Under the radar: Port O'Brien

Shane Gilchrist presents a special Summer Times selection of albums that, although obscure, are worth exploring.

Today: North American outfit Port O'Brien twist folk and rock into some interesting shapes on their album All We Could Do Was Sing.

Who: Port O'Brien began as a folky duo comprising Van Pierszalowski and Cambria Goodwin, who later added a rhythm section and in 2007 released a compilation of previously self-released songs titled The Wind and The Swell.

When acclaimed songwriter M. Ward named Port O'Brien his "favourite new band", doors started opening, the band performing with Rogue Wave, Bright Eyes, the Cave Singers and Modest Mouse.

About the album: Recorded in San Francisco, All We Could Do Was Sing is diverse yet cohesive.

Lush string arrangements bump up against raw electric guitar, percussive banjo, even pots and pans as the band members scream, chant and croon their way through 13 tracks that cover a range of topics, from Pierszalowski's time aboard his father's salmon fishing boat in Alaska to issues of isolation and settling down.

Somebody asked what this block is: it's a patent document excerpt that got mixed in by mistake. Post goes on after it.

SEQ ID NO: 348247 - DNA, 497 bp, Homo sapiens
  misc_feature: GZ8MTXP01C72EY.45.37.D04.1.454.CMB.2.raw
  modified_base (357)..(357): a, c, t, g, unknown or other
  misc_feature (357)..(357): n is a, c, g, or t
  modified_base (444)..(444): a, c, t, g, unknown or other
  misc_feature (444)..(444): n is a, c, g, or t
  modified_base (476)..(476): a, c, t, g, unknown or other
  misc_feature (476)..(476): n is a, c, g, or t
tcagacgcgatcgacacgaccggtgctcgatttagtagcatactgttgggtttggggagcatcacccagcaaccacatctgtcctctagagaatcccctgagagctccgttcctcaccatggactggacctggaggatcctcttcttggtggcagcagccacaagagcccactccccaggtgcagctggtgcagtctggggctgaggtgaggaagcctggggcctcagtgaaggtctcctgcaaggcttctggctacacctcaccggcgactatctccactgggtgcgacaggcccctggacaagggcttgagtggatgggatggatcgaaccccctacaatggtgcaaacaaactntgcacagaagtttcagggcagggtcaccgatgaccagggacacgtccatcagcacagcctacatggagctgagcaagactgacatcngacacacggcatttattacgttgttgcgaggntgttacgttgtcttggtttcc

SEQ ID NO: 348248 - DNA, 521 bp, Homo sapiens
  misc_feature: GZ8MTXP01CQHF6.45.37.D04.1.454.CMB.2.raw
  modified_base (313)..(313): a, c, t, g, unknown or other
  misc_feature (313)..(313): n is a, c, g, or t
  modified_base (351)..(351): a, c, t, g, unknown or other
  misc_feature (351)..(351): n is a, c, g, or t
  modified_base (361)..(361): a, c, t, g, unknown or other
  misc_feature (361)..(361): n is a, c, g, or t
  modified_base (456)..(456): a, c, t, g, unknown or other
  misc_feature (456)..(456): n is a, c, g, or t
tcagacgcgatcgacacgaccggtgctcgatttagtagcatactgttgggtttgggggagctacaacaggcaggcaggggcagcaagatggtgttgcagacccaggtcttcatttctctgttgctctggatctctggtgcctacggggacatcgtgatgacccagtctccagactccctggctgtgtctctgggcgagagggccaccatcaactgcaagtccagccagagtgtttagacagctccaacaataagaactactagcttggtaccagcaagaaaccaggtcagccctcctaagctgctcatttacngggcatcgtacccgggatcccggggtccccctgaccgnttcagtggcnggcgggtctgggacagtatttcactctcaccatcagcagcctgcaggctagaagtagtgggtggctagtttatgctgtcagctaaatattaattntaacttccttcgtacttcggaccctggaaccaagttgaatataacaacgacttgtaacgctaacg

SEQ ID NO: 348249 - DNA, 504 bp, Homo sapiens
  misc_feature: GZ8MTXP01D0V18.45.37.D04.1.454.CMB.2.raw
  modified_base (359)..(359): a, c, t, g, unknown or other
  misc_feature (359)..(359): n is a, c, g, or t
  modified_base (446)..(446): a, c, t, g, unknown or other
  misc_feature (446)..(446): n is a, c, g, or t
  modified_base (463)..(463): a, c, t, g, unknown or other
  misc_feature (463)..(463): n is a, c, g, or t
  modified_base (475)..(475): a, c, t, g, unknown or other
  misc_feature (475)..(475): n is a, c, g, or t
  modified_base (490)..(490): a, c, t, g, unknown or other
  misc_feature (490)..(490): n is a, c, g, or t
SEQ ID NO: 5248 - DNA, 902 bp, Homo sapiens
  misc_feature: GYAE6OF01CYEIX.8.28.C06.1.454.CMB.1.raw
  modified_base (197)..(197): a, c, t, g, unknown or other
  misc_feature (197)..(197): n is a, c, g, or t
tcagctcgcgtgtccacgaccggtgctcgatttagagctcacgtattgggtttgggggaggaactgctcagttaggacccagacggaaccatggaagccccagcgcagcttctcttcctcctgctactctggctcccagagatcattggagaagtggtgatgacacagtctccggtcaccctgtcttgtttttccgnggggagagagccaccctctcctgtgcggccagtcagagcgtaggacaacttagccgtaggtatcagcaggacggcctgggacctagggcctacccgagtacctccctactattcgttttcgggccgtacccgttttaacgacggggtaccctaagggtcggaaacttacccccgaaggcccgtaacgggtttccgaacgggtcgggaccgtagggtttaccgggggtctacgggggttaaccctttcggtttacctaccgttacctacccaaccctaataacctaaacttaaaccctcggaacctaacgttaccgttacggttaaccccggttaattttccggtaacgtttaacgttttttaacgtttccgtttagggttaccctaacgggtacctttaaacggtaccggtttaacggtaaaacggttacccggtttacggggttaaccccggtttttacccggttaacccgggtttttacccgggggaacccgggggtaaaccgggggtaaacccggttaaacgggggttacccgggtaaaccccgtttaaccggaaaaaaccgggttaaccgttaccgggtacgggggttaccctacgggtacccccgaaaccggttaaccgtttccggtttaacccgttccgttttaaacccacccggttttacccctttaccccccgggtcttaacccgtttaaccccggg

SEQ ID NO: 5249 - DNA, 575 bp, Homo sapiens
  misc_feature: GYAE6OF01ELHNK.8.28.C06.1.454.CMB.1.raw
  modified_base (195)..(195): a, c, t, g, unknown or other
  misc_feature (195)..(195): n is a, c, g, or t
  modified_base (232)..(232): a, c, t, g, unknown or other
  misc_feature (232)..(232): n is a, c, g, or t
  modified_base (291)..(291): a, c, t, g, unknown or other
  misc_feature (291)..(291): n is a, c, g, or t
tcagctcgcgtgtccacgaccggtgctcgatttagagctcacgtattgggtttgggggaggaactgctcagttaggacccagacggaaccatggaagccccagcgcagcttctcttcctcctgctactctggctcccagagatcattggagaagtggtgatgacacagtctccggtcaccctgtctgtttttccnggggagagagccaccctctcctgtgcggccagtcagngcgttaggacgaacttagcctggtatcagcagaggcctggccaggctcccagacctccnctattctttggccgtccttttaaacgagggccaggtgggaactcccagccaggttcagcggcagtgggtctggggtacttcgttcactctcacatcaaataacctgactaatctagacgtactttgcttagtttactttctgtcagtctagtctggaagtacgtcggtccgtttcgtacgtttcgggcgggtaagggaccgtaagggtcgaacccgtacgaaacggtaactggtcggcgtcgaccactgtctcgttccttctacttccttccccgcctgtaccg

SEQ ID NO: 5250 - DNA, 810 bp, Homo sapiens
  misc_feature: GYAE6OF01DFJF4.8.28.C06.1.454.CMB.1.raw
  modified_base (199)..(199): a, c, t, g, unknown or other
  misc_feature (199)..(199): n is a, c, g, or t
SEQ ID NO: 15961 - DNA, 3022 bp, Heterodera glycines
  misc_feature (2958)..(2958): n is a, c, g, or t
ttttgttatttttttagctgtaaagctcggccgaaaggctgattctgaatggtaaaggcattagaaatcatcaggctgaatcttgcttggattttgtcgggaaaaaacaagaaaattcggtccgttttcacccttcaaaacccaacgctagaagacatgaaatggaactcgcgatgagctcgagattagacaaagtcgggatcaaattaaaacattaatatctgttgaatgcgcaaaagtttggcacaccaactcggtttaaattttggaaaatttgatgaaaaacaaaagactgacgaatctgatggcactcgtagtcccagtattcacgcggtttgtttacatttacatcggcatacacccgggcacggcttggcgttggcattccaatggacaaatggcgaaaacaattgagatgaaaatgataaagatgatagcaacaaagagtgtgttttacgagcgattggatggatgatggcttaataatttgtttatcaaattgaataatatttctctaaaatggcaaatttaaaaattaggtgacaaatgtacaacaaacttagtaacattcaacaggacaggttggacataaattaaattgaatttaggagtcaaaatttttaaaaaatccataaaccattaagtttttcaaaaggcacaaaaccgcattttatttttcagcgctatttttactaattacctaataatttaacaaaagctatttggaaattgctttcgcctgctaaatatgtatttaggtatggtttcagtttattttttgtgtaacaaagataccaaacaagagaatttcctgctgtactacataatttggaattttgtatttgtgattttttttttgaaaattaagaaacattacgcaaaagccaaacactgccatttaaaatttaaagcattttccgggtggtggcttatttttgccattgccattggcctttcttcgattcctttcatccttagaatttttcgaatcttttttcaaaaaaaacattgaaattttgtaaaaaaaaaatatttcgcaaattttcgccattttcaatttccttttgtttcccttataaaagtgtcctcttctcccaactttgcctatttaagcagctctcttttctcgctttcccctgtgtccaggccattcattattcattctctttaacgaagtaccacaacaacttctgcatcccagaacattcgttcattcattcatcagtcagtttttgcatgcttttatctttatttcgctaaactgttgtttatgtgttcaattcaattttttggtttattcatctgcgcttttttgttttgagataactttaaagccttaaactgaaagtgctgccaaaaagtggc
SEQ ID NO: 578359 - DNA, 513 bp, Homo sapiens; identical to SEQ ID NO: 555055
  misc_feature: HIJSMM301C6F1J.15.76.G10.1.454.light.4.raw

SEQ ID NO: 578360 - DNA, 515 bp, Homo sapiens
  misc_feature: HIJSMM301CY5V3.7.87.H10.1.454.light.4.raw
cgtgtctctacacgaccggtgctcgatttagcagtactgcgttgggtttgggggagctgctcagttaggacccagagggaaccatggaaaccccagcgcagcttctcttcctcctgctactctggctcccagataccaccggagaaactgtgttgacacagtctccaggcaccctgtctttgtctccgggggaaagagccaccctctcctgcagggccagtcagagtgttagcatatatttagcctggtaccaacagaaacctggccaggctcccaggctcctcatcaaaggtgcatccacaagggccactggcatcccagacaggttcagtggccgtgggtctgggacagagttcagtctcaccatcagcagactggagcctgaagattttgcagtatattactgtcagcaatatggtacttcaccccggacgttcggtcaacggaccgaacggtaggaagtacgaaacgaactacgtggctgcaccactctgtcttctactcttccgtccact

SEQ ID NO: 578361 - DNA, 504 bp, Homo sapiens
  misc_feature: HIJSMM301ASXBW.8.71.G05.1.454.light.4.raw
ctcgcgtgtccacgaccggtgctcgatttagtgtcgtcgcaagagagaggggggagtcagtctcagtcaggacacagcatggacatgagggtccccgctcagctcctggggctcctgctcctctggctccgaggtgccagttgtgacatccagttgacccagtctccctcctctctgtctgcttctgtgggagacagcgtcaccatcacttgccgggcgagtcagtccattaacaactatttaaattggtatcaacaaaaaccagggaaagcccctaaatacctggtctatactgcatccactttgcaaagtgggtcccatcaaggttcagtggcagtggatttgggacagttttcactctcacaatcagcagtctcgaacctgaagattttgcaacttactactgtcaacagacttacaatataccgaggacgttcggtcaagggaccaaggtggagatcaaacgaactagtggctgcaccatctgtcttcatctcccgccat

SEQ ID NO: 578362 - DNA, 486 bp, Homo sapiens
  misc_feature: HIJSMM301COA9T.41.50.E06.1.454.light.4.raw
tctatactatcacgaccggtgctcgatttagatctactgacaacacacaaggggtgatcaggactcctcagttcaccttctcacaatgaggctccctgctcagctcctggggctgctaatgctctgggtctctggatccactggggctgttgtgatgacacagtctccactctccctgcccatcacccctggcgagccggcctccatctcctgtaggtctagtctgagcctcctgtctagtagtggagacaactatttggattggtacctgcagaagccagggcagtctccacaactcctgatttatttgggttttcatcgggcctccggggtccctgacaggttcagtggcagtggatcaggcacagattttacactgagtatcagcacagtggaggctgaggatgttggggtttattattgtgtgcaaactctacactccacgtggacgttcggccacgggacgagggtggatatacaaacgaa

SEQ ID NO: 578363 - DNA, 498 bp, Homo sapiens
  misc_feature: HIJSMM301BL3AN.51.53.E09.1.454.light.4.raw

Highlights: Pigeonholed says it all, really: "When the clothes seek out the music; then the music has to wait", Pierszalowski lamenting the ethos (or lack of) among some of his musical peers; I Woke Up Today mixes a teenage party chant of the sort that that hasn't been heard since the Violent Femmes sang about blisters in the sun; Stuck On A Boat revels in the glory of a simple electric guitar riff before glistening strings arrive.

For those who like: The Velvet Underground.

 

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